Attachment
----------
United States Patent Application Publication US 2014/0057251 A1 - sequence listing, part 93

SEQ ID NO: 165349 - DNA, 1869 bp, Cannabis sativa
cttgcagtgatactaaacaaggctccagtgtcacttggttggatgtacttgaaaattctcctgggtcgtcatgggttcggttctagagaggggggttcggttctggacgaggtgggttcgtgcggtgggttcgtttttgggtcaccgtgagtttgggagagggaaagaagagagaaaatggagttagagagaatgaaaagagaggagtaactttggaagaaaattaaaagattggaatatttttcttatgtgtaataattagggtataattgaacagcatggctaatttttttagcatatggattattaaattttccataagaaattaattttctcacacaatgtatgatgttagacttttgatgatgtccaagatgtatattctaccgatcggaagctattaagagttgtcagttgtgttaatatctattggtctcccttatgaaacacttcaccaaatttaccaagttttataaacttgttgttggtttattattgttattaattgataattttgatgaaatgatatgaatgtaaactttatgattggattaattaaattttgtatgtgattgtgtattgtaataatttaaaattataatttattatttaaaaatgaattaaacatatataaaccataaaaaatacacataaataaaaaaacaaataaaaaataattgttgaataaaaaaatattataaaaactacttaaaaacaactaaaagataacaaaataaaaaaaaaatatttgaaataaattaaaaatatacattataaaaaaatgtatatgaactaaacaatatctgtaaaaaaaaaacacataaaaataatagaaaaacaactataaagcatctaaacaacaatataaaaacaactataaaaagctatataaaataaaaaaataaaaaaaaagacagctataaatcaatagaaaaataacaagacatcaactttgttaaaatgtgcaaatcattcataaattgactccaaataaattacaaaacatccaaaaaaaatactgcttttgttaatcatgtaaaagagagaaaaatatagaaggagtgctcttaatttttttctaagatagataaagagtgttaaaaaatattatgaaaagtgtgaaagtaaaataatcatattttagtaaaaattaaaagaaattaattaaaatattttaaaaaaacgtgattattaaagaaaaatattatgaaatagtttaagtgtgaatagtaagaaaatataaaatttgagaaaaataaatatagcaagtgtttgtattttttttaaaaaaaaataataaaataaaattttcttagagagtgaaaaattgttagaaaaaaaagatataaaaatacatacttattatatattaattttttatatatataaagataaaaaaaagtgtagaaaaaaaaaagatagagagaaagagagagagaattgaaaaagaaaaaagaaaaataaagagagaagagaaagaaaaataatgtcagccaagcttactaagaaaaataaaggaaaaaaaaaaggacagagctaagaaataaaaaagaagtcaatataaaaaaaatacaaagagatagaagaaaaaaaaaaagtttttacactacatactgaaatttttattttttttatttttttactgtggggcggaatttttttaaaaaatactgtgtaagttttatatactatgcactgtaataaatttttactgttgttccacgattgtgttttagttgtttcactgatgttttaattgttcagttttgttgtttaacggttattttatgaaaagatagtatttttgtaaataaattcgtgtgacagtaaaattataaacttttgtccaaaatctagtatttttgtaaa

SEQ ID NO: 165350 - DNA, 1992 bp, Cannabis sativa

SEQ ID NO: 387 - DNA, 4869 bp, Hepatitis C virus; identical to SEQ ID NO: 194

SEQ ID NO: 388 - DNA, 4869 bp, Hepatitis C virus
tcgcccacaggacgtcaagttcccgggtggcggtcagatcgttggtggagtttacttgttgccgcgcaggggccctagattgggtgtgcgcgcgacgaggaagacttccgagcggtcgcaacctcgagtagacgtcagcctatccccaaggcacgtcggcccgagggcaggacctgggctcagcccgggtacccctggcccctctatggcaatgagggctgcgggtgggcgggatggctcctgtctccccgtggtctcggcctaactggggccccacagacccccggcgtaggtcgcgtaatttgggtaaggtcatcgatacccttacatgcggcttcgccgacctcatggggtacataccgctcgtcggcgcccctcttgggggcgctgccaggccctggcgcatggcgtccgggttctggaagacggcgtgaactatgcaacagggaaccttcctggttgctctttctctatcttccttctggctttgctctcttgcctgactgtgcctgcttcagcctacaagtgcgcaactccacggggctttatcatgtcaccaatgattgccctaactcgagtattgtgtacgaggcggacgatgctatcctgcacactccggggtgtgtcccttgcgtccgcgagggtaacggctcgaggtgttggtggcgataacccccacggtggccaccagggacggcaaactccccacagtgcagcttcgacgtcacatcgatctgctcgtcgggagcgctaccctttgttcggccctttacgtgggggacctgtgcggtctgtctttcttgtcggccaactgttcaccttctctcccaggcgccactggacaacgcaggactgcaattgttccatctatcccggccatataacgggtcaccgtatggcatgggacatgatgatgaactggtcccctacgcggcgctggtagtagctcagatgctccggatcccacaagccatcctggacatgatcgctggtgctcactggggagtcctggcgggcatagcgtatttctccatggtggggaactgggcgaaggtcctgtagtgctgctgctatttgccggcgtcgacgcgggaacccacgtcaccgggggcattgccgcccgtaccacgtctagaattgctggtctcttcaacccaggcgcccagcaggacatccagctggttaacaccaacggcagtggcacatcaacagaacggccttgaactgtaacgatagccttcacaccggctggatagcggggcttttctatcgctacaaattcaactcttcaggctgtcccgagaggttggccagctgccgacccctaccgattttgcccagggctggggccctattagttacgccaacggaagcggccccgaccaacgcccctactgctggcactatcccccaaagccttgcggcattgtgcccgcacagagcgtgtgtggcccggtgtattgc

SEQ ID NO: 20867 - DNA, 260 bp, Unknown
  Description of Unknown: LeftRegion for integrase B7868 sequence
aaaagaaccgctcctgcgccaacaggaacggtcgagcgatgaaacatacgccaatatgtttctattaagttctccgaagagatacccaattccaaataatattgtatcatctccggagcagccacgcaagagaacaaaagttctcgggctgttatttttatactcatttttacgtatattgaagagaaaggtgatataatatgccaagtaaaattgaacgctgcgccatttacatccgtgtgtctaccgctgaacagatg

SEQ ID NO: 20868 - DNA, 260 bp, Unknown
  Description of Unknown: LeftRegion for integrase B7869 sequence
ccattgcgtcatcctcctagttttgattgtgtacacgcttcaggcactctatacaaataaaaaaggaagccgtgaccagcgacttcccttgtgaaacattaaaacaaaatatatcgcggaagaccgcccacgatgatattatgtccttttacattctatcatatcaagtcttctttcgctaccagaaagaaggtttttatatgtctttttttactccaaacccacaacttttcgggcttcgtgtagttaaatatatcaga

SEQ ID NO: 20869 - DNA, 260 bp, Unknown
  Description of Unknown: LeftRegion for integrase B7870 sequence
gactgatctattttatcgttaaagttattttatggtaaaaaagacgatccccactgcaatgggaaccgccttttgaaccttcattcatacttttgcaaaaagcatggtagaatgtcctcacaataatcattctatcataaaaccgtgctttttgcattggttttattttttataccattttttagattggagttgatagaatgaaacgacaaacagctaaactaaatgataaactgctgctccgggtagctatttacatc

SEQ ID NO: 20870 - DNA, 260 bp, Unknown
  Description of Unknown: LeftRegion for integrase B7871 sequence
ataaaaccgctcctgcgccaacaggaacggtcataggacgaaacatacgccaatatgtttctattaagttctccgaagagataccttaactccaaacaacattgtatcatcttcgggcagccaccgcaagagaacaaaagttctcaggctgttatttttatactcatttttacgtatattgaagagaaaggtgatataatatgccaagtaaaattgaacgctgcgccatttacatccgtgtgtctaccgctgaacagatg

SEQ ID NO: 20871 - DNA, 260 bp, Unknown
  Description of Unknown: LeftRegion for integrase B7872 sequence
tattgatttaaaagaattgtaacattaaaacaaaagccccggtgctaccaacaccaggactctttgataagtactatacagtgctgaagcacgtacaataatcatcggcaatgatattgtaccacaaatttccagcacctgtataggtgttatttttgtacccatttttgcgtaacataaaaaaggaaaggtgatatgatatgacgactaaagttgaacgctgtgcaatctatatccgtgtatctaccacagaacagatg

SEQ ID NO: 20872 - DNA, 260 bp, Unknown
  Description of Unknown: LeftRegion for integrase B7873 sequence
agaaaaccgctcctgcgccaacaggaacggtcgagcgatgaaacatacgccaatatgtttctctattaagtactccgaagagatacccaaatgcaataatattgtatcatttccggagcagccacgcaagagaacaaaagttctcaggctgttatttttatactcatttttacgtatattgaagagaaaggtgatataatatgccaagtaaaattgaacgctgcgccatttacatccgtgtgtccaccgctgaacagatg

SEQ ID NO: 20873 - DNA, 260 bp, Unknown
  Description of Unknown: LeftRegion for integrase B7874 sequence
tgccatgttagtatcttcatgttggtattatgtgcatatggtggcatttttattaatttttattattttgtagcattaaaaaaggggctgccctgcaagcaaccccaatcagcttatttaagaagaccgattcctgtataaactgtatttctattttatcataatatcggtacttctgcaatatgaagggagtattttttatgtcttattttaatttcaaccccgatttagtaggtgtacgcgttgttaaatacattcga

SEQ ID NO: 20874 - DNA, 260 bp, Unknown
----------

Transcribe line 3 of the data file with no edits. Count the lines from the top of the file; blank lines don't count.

cttgcagtgatactaaacaaggctccagtgtcacttggttggatgtacttgaaaattctcctgggtcgtcatgggttcggttctagagaggggggttcggttctggacgaggtgggttcgtgcggtgggttcgtttttgggtcaccgtgagtttgggagagggaaagaagagagaaaatggagttagagagaatgaaaagagaggagtaactttggaagaaaattaaaagattggaatatttttcttatgtgtaataattagggtataattgaacagcatggctaatttttttagcatatggattattaaattttccataagaaattaattttctcacacaatgtatgatgttagacttttgatgatgtccaagatgtatattctaccgatcggaagctattaagagttgtcagttgtgttaatatctattggtctcccttatgaaacacttcaccaaatttaccaagttttataaacttgttgttggtttattattgttattaattgataattttgatgaaatgatatgaatgtaaactttatgattggattaattaaattttgtatgtgattgtgtattgtaataatttaaaattataatttattatttaaaaatgaattaaacatatataaaccataaaaaatacacataaataaaaaaacaaataaaaaataattgttgaataaaaaaatattataaaaactacttaaaaacaactaaaagataacaaaataaaaaaaaaatatttgaaataaattaaaaatatacattataaaaaaatgtatatgaactaaacaatatctgtaaaaaaaaaacacataaaaataatagaaaaacaactataaagcatctaaacaacaatataaaaacaactataaaaagctatataaaataaaaaaataaaaaaaaagacagctataaatcaatagaaaaataacaagacatcaactttgttaaaatgtgcaaatcattcataaattgactccaaataaattacaaaacatccaaaaaaaatactgcttttgttaatcatgtaaaagagagaaaaatatagaaggagtgctcttaatttttttctaagatagataaagagtgttaaaaaatattatgaaaagtgtgaaagtaaaataatcatattttagtaaaaattaaaagaaattaattaaaatattttaaaaaaacgtgattattaaagaaaaatattatgaaatagtttaagtgtgaatagtaagaaaatataaaatttgagaaaaataaatatagcaagtgtttgtattttttttaaaaaaaaataataaaataaaattttcttagagagtgaaaaattgttagaaaaaaaagatataaaaatacatacttattatatattaattttttatatatataaagataaaaaaaagtgtagaaaaaaaaaagatagagagaaagagagagagaattgaaaaagaaaaaagaaaaataaagagagaagagaaagaaaaataatgtcagccaagcttactaagaaaaataaaggaaaaaaaaaaggacagagctaagaaataaaaaagaagtcaatataaaaaaaatacaaagagatagaagaaaaaaaaaaagtttttacactacatactgaaatttttattttttttatttttttactgtggggcggaatttttttaaaaaatactgtgtaagttttatatactatgcactgtaataaatttttactgttgttccacgattgtgttttagttgtttcactgatgttttaattgttcagttttgttgtttaacggttattttatgaaaagatagtatttttgtaaataaattcgtgtgacagtaaaattataaacttttgtccaaaatctagtatttttgtaaa